oalib

Publish in OALib Journal

ISSN: 2333-9721

APC: Only $99

Submit

Any time

2020 ( 4 )

2019 ( 107 )

2018 ( 141 )

2017 ( 134 )

Custom range...

Search Results: 1 - 10 of 65053 matches for " John van Noort "
All listed articles are free for downloading (OA Articles)
Page 1 /65053
Display every page Item
Multiple Aspects of ATP-Dependent Nucleosome Translocation by RSC and Mi-2 Are Directed by the Underlying DNA Sequence
Joke J. F. A. van Vugt, Martijn de Jager, Magdalena Murawska, Alexander Brehm, John van Noort, Colin Logie
PLOS ONE , 2009, DOI: 10.1371/journal.pone.0006345
Abstract: Background Chromosome structure, DNA metabolic processes and cell type identity can all be affected by changing the positions of nucleosomes along chromosomal DNA, a reaction that is catalysed by SNF2-type ATP-driven chromatin remodelers. Recently it was suggested that in vivo, more than 50% of the nucleosome positions can be predicted simply by DNA sequence, especially within promoter regions. This seemingly contrasts with remodeler induced nucleosome mobility. The ability of remodeling enzymes to mobilise nucleosomes over short DNA distances is well documented. However, the nucleosome translocation processivity along DNA remains elusive. Furthermore, it is unknown what determines the initial direction of movement and how new nucleosome positions are adopted. Methodology/Principal Findings We have used AFM imaging and high resolution PAGE of mononucleosomes on 600 and 2500 bp DNA molecules to analyze ATP-dependent nucleosome repositioning by native and recombinant SNF2-type enzymes. We report that the underlying DNA sequence can control the initial direction of translocation, translocation distance, as well as the new positions adopted by nucleosomes upon enzymatic mobilization. Within a strong nucleosomal positioning sequence both recombinant Drosophila Mi-2 (CHD-type) and native RSC from yeast (SWI/SNF-type) repositioned the nucleosome at 10 bp intervals, which are intrinsic to the positioning sequence. Furthermore, RSC-catalyzed nucleosome translocation was noticeably more efficient when beyond the influence of this sequence. Interestingly, under limiting ATP conditions RSC preferred to position the nucleosome with 20 bp intervals within the positioning sequence, suggesting that native RSC preferentially translocates nucleosomes with 15 to 25 bp DNA steps. Conclusions/Significance Nucleosome repositioning thus appears to be influenced by both remodeler intrinsic and DNA sequence specific properties that interplay to define ATPase-catalyzed repositioning. Here we propose a successive three-step framework consisting of initiation, translocation and release steps to describe SNF2-type enzyme mediated nucleosome translocation along DNA. This conceptual framework helps resolve the apparent paradox between the high abundance of ATP-dependent remodelers per nucleus and the relative success of sequence-based predictions of nucleosome positioning in vivo.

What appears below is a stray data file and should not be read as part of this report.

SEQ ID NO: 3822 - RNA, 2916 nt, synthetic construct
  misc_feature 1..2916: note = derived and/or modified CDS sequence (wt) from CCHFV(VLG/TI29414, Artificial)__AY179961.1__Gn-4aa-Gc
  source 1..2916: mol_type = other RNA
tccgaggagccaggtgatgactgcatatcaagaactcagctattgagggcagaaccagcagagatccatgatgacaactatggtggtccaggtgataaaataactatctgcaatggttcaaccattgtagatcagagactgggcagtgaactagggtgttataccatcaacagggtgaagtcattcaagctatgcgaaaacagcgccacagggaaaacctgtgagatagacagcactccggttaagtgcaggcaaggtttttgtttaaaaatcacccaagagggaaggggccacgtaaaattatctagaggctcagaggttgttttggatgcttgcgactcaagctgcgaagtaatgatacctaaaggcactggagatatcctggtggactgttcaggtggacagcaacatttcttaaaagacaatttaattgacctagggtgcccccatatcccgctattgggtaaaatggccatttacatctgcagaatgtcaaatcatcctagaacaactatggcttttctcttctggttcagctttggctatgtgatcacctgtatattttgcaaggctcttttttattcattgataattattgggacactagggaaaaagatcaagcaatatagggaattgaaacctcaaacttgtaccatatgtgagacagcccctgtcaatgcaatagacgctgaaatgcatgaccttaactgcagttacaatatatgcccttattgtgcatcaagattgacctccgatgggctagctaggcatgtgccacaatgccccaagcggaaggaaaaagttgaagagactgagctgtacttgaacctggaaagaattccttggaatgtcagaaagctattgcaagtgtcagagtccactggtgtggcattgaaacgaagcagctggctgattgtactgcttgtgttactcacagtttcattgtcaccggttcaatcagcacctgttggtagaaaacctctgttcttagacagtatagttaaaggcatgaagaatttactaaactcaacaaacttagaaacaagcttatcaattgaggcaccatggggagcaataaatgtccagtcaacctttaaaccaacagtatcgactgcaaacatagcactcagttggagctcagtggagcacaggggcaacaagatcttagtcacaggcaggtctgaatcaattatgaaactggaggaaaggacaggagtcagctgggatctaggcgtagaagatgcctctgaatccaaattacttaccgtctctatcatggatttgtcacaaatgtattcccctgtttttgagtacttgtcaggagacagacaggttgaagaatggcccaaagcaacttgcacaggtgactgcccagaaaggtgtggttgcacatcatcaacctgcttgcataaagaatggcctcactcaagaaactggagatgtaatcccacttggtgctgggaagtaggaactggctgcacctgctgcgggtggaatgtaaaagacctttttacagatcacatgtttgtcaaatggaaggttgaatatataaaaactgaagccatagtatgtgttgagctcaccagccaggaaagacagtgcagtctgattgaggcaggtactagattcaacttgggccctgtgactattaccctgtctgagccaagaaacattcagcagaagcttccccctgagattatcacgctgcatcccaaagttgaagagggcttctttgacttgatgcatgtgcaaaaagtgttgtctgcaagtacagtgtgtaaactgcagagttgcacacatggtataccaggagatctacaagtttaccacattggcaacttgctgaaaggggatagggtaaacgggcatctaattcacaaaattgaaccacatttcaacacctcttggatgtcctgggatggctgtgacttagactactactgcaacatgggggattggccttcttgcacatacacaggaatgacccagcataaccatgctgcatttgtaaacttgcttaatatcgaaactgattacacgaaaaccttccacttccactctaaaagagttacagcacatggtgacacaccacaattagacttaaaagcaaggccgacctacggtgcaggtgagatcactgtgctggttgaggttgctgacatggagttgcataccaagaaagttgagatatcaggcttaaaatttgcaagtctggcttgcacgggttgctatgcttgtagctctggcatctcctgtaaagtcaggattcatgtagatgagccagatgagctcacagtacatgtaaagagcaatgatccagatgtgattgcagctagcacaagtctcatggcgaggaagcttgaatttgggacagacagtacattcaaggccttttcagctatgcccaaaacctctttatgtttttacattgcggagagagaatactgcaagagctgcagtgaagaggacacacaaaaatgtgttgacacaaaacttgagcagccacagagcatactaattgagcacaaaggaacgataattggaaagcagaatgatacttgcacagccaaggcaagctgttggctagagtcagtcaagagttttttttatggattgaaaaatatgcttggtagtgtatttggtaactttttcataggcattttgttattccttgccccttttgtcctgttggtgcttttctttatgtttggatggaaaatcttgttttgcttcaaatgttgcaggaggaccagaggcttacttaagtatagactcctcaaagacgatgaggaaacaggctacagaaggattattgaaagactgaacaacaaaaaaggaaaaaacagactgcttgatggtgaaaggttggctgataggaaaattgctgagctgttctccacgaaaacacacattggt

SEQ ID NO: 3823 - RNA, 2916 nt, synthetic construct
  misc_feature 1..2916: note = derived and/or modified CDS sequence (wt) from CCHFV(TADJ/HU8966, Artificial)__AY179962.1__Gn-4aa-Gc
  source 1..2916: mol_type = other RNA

T. Witte, Tussen Coolsingel en Binnenhof. Stadsregionale capriolen in Rotterdam Rijnmond
J. van den Noort
BMGN : Low Countries Historical Review , 2003,
Abstract:
C. Wagenaar, Welvaartsstad in wording. De wederopbouw van Rotterdam, 1940-1952
J. van den Noort
BMGN : Low Countries Historical Review , 1994,
Abstract:
Spatially coupled inversion of spectro-polarimetric image data I: Method and first results
M. van Noort
Physics , 2012, DOI: 10.1051/0004-6361/201220220
Abstract: When inverting solar spectra, image degradation effects that are present in the data are usually approximated or not considered. We develop a data reduction method that takes these issues into account and minimizes the resulting errors. By accounting for the diffraction PSF of the telescope during the inversions, we can produce a self-consistent solution that best fits the observed data, while simultaneously requiring fewer free parameters than conventional approaches. Simulations using realistic MHD data indicate that the method is stable for all resolutions, including those with pixel scales well beyond those that can be resolved with a 0.5m telescope, such as the Hinode SOT. Application of the presented method to reduce full Stokes data from the Hinode spectro-polarimeter results in dramatically increased image contrast and an increase in the resolution of the data to the diffraction limit of the telescope in almost all Stokes and fit parameters. The resulting data allow for detecting and interpreting solar features that have so far only been observed with 1m class ground-based telescopes. The new inversion method allows for accurate fitting of solar spectro-polarimetric imaging data over a large field of view, while simultaneously improving the noise statistics and spatial resolution of the results significantly.
Internet-based monitoring of influenza-like illness (ILI) in the general population of the Netherlands during the 2003–2004 influenza season